Campaign Aims to Subordinate Christianity to Chinese Socialism
by Xu Mei
NANJING, China (Compass) -- Bishop Ding, the most influential leader of the state-controlled Chinese “Three Self” Protestant church, has significantly stepped up his anti-Christian “theological construction” campaign in recent months.
Earlier in the year, Ding gave a lecture at the East China Theological Seminary in Shanghai entitled “Theological Construction Enters a New Stage” (published in the official Three Self Tianfeng magazine in September 2003). The lecture reveals his long-term intentions and clearly shows that “theological construction” is a smoke screen for an all-out attack on the beliefs of Bible-believing Chinese evangelicals, said a respected China watcher.
In his lecture, Ding celebrates the progress made since his campaign was first unveiled five years ago at a state church conference in Jinan, northern China.
His opening statement reveals the true intentions of the theological construction campaign. “Discussions have until now centered on the question of ‘belief and unbelief.’ We Chinese Christians must unite with all the people of China and not be disunited with other people because they do not believe.” With these words, Ding re-asserted his claim that belief or unbelief in Christ is secondary to the loyalty required by the Chinese Communist Party.
Ding also attacks 19th century foreign missionaries for “linking the question of belief and unbelief with ‘heaven and hell.’” The missionaries came to China claiming that “all who believed went to heaven and all who did not went to hell. This intimidated ordinary people. Even today many pastors still use heaven and hell to persuade people to believe in Jesus and threaten people.”
Here Ding maligns the beliefs of millions of orthodox Christians worldwide and ignores the fact that it was Christ himself who most often spoke of the realities of heaven and hell in the New Testament.
Some Christian leaders in North America and Singapore believe Ding’s campaign has ground to a halt due to immense opposition from both Chinese believers and Christians in other countries. However, the reverse is true. The centerpiece in Ding’s lecture is his revelation that the campaign will now be intensified by attacking the Bible itself -- the very foundation of Christian belief.
“Today we can state that our theological construction has entered a new stage,” Ding said. “We need to turn our attention to a new theme, that is, our ‘view of the Bible.’ For example, some people confuse the Bible with God’s Word in the same breath.”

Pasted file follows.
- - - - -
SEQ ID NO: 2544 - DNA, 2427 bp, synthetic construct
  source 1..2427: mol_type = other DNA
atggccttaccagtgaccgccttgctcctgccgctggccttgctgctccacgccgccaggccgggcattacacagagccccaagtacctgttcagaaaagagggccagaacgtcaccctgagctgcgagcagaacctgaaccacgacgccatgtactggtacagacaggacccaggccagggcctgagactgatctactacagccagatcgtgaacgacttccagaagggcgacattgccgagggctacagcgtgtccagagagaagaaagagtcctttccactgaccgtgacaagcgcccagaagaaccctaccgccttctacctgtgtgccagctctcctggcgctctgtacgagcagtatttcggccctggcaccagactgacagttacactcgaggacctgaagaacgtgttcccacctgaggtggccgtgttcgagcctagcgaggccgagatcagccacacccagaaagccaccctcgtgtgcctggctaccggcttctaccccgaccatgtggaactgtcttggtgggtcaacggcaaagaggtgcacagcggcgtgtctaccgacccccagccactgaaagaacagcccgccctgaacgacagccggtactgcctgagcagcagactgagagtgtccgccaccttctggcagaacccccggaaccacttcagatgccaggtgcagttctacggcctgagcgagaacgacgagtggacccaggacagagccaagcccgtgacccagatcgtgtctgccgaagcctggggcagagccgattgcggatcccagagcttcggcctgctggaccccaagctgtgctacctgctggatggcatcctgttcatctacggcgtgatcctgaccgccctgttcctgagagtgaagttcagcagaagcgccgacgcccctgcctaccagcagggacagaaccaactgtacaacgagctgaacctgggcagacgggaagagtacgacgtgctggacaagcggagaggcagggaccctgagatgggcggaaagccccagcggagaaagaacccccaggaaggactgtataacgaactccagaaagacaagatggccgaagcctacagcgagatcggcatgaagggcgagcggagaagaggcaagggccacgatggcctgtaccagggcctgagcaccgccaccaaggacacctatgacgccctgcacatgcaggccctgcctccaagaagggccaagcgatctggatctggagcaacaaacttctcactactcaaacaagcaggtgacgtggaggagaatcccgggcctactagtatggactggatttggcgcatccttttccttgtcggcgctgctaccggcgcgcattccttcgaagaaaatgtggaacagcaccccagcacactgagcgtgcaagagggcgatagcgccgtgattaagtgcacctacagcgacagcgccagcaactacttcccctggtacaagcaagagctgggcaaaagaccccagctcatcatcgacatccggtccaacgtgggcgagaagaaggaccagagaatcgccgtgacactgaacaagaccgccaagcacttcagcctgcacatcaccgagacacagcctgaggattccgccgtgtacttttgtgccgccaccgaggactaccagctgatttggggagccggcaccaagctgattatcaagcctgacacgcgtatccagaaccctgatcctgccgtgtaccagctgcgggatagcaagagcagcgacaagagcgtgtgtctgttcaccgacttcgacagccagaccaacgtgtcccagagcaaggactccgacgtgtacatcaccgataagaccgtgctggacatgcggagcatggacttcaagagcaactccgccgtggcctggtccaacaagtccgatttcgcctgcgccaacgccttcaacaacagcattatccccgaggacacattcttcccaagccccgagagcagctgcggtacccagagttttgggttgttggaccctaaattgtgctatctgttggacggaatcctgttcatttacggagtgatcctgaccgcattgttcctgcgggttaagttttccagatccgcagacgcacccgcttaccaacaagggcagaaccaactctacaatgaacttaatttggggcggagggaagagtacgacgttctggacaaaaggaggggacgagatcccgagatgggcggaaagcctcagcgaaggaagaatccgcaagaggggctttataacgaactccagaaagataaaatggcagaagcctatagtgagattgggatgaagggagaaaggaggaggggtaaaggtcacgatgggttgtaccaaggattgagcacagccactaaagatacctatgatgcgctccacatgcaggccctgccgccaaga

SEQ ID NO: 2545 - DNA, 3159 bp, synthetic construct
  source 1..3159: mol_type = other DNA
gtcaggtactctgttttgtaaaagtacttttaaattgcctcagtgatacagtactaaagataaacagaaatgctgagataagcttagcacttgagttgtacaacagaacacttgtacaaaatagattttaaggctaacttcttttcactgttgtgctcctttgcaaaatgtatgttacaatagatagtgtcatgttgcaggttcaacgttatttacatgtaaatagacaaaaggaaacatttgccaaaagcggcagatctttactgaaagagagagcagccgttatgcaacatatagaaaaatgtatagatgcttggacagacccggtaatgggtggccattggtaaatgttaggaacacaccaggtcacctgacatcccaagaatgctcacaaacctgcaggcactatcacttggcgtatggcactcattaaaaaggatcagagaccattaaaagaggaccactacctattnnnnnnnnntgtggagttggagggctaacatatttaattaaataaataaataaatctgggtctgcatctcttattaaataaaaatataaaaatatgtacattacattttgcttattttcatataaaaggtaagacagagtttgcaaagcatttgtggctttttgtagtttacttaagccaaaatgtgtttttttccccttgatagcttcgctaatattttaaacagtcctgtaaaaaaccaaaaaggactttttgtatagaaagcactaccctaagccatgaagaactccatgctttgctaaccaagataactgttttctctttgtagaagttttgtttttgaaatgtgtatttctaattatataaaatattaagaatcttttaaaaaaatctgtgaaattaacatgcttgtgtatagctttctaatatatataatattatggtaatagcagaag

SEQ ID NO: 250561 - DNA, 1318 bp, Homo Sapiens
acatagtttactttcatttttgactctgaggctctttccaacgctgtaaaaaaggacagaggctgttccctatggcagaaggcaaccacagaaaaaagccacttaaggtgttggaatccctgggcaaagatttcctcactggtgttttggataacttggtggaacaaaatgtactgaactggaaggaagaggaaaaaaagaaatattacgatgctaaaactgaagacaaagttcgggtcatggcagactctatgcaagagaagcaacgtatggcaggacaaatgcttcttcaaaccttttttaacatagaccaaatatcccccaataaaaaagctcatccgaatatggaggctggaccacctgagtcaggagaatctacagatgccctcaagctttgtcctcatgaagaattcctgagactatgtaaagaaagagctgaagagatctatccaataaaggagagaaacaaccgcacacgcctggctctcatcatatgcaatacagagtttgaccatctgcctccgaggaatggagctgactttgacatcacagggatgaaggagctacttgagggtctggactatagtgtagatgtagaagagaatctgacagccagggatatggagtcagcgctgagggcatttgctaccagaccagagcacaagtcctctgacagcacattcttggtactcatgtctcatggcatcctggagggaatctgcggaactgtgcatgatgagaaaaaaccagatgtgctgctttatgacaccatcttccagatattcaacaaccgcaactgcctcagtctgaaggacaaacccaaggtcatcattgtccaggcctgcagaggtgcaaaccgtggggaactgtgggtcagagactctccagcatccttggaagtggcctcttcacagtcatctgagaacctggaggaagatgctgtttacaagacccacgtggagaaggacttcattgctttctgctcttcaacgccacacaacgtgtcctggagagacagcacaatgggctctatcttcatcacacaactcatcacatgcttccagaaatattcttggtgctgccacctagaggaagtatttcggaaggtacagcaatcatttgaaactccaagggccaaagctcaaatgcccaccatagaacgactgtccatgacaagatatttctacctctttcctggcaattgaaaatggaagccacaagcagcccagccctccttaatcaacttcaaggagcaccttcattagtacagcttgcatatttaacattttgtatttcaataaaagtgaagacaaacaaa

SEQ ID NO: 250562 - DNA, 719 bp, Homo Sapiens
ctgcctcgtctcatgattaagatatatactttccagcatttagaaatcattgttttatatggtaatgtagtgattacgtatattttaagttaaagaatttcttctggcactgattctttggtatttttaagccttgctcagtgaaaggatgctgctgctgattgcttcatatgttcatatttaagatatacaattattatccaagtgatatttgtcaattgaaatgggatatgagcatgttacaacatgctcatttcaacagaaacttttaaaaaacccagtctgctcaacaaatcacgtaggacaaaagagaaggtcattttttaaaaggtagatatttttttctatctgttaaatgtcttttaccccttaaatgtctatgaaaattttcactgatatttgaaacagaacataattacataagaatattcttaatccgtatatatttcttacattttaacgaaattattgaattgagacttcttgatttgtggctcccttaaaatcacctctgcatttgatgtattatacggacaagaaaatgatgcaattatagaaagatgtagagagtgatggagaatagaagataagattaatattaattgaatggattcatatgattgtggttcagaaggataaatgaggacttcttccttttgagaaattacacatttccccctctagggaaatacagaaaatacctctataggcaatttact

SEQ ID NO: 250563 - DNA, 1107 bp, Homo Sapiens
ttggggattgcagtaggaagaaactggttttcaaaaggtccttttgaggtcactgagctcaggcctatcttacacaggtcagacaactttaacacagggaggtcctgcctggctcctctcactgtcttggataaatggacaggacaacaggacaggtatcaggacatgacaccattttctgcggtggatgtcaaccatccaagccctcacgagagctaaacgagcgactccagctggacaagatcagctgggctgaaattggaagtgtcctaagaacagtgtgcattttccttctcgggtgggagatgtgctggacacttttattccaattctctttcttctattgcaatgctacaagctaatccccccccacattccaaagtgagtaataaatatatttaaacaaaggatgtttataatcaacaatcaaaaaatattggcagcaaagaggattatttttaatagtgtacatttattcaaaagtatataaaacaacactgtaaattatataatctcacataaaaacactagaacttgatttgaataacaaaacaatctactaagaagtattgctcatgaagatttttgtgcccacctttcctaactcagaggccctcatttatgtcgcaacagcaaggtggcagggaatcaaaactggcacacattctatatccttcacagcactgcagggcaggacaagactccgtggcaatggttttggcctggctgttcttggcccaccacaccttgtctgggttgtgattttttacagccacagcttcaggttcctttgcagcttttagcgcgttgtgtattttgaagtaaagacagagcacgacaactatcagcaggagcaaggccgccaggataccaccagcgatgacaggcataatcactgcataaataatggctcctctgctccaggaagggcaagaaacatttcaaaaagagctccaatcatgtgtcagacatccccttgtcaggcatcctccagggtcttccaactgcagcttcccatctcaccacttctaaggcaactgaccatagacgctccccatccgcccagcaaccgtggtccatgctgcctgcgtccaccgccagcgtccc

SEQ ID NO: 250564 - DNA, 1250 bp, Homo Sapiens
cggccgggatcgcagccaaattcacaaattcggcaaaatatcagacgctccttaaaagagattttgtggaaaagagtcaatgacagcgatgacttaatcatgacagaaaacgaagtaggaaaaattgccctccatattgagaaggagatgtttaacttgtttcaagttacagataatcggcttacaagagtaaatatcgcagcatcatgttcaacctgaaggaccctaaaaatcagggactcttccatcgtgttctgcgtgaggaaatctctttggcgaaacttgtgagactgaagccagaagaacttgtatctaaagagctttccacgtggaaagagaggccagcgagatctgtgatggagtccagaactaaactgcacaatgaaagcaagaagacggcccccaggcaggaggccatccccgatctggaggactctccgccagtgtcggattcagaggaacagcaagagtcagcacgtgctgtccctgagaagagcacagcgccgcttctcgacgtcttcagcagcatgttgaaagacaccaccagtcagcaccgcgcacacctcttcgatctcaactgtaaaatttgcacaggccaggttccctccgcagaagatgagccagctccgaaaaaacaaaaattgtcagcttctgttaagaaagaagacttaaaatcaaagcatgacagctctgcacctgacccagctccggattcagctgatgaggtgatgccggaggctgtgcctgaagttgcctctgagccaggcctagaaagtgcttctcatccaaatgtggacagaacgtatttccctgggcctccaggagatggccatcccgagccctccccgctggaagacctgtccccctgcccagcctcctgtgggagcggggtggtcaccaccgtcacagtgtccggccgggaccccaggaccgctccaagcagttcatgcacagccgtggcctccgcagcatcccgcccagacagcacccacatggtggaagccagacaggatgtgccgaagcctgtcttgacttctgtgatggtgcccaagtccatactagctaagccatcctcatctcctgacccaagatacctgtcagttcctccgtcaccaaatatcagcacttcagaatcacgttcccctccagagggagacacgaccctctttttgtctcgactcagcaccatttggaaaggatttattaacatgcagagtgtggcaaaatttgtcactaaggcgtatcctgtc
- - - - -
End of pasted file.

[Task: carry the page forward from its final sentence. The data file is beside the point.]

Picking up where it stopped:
With these words, the hidden agenda of theological construction is unveiled, the China watcher said. Evangelical Christians worldwide hold that the Bible is the inspired Word of God. Christ Himself held this view. But Ding openly sneers at this foundational belief, attacking both the authority and inspiration of Scripture.
Realizing that the vast majority of Chinese Christians oppose his liberal theology, Ding continues, “When some people hear this way of speaking, perhaps they feel deeply shocked. We hope they will not feel shocked. To confuse the Bible with the Word of God ... is a misunderstanding of the Bible.
“Because they have these misunderstandings, many believers consider that every paragraph, every word and every letter of the Bible are the words of God and absolutely correct,” says Ding. “The Bible is thus placed in the highest position and becomes the fourth person in the Trinity ... but we Christians have never said that there is a fourth person in the Trinity.”
Ding’s approach puts him on a collision course with millions of faithful Chinese Christians.
What is Ding’s ultimate aim? He declares, “Chinese Christianity needs a great transformation. We must help the believers to ‘love country and love religion.’ They should feel that to be Chinese is glorious. We must remold Chinese Christianity to become a Christianity which answers to the tide of history and to the needs of the broad masses. I believe this kind of Christianity will be welcomed by the Chinese Communist Party and is compatible with socialism.”
Ding’s agenda is now out in the open -- it is unashamedly political and nationalistic. He demands that every doctrine of Christianity and even the Bible itself be reshaped and made subservient to the atheistic policies of the Chinese Communist Party.